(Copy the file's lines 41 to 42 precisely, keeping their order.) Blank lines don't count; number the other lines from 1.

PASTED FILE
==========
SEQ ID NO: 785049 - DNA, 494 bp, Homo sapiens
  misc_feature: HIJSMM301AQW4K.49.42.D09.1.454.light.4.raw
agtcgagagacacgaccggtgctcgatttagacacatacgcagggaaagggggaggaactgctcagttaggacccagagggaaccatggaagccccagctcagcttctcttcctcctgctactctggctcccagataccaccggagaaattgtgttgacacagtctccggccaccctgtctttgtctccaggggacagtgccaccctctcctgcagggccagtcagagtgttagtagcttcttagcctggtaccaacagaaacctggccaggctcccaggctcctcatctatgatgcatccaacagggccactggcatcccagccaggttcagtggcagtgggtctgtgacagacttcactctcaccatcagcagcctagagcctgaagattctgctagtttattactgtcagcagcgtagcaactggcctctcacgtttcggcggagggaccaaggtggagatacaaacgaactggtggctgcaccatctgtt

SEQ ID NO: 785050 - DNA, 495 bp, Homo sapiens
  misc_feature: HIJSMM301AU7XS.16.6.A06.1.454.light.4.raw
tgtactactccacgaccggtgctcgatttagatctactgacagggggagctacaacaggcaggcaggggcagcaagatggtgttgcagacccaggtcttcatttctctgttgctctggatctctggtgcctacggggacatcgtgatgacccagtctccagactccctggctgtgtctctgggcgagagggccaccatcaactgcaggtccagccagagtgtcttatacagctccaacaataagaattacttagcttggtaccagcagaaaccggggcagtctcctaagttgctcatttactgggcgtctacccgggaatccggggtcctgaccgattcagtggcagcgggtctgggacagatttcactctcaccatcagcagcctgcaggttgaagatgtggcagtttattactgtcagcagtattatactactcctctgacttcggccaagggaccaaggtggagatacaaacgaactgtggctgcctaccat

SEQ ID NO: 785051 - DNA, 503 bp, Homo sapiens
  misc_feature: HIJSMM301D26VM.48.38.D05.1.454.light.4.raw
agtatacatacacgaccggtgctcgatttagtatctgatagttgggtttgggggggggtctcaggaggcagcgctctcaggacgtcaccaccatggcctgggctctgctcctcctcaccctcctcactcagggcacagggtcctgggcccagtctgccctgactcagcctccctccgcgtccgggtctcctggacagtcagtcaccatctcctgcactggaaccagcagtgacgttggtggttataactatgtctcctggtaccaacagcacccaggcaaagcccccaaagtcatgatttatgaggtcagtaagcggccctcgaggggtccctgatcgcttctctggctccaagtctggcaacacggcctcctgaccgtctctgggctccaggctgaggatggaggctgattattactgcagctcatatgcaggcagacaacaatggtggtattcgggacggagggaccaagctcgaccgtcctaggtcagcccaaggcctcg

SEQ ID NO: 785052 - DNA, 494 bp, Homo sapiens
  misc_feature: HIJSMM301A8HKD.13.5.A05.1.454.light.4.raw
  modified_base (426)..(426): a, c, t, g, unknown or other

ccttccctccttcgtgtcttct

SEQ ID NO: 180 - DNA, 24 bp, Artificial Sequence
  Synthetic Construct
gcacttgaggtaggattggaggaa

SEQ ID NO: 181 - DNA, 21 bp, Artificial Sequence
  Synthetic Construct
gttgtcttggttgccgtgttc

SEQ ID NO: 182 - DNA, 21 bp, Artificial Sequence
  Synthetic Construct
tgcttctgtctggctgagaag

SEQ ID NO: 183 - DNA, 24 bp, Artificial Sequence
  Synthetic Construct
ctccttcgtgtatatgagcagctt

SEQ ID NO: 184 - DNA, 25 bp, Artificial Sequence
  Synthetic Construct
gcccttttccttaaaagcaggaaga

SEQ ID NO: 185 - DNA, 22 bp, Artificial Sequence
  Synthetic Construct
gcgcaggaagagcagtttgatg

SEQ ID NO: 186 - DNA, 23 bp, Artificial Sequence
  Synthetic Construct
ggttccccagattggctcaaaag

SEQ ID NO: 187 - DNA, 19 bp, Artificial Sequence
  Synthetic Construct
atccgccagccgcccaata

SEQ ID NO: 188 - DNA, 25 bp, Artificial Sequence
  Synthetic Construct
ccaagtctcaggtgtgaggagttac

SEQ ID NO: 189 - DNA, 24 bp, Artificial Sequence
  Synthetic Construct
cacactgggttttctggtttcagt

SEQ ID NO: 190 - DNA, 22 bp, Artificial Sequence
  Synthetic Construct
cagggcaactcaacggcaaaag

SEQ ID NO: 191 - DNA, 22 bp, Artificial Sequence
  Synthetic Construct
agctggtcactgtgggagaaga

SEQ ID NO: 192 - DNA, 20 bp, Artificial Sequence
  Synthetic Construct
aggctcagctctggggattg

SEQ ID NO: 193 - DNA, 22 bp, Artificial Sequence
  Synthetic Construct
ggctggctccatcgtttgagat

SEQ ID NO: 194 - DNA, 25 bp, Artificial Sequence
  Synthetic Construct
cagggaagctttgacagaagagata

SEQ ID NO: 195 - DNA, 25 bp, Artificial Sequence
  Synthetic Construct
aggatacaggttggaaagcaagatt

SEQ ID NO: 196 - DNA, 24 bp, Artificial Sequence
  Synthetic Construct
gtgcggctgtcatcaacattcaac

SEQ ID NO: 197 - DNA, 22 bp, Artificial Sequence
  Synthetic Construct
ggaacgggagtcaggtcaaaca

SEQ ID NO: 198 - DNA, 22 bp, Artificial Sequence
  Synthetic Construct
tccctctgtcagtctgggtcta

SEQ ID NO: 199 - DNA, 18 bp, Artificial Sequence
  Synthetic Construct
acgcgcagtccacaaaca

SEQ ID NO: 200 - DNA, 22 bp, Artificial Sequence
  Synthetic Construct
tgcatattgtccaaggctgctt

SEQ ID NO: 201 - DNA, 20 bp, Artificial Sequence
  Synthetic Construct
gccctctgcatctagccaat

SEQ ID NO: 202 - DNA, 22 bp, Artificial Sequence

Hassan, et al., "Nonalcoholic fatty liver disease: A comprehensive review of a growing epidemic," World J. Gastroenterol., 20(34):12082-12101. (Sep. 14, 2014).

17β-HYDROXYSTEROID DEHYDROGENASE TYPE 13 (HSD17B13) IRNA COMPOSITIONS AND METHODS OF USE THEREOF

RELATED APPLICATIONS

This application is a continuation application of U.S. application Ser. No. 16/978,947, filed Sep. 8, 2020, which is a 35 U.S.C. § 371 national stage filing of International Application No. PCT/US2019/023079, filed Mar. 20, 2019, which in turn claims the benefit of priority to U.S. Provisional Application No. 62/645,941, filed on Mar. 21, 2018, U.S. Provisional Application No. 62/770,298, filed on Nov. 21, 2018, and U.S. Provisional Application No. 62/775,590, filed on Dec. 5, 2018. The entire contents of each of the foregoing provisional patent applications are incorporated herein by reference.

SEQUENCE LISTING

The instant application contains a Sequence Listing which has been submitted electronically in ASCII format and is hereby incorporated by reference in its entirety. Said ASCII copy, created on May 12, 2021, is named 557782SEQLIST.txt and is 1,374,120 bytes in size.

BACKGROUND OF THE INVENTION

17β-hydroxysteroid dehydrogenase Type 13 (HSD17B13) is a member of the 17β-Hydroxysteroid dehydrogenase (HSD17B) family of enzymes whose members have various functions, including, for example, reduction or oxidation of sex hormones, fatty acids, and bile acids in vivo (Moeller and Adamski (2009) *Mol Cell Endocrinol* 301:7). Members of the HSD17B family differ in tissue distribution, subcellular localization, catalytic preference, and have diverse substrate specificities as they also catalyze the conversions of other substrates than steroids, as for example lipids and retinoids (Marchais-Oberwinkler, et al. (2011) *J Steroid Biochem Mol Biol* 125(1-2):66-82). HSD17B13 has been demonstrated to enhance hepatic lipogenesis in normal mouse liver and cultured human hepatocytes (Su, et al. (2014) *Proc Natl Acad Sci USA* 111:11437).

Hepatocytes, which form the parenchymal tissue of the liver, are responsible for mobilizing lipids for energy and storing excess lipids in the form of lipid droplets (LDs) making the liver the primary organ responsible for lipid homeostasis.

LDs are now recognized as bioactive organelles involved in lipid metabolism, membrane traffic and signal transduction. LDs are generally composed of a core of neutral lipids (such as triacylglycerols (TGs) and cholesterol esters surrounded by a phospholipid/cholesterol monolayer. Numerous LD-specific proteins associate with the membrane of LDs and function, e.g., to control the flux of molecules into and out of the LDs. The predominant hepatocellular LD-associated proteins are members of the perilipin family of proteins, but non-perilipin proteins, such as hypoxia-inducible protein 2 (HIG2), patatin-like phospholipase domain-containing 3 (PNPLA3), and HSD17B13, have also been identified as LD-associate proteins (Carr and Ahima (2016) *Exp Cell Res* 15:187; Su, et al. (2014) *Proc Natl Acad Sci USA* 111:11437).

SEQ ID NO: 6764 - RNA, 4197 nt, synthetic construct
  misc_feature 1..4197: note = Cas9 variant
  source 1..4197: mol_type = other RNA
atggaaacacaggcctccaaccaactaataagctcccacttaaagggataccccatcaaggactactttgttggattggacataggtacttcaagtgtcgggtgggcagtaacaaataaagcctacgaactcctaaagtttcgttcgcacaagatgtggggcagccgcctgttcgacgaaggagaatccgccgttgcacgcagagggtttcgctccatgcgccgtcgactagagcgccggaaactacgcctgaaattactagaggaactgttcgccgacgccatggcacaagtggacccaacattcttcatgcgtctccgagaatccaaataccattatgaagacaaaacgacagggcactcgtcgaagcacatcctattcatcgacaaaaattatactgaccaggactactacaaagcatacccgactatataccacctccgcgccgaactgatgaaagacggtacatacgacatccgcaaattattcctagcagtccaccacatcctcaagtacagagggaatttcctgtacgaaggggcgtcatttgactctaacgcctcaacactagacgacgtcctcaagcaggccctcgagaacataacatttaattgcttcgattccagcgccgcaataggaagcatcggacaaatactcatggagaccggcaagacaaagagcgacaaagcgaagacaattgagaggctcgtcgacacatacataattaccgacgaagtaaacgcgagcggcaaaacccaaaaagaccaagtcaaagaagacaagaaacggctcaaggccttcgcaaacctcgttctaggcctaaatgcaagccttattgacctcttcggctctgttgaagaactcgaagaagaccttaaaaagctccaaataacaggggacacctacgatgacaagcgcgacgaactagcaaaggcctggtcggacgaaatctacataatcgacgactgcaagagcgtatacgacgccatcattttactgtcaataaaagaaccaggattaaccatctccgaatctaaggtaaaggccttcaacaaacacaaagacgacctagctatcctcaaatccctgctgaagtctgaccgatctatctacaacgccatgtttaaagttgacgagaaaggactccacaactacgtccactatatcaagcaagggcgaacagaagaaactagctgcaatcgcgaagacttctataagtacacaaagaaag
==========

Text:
SEQ ID NO: 189 - DNA, 24 bp, Artificial Sequence
  Synthetic Construct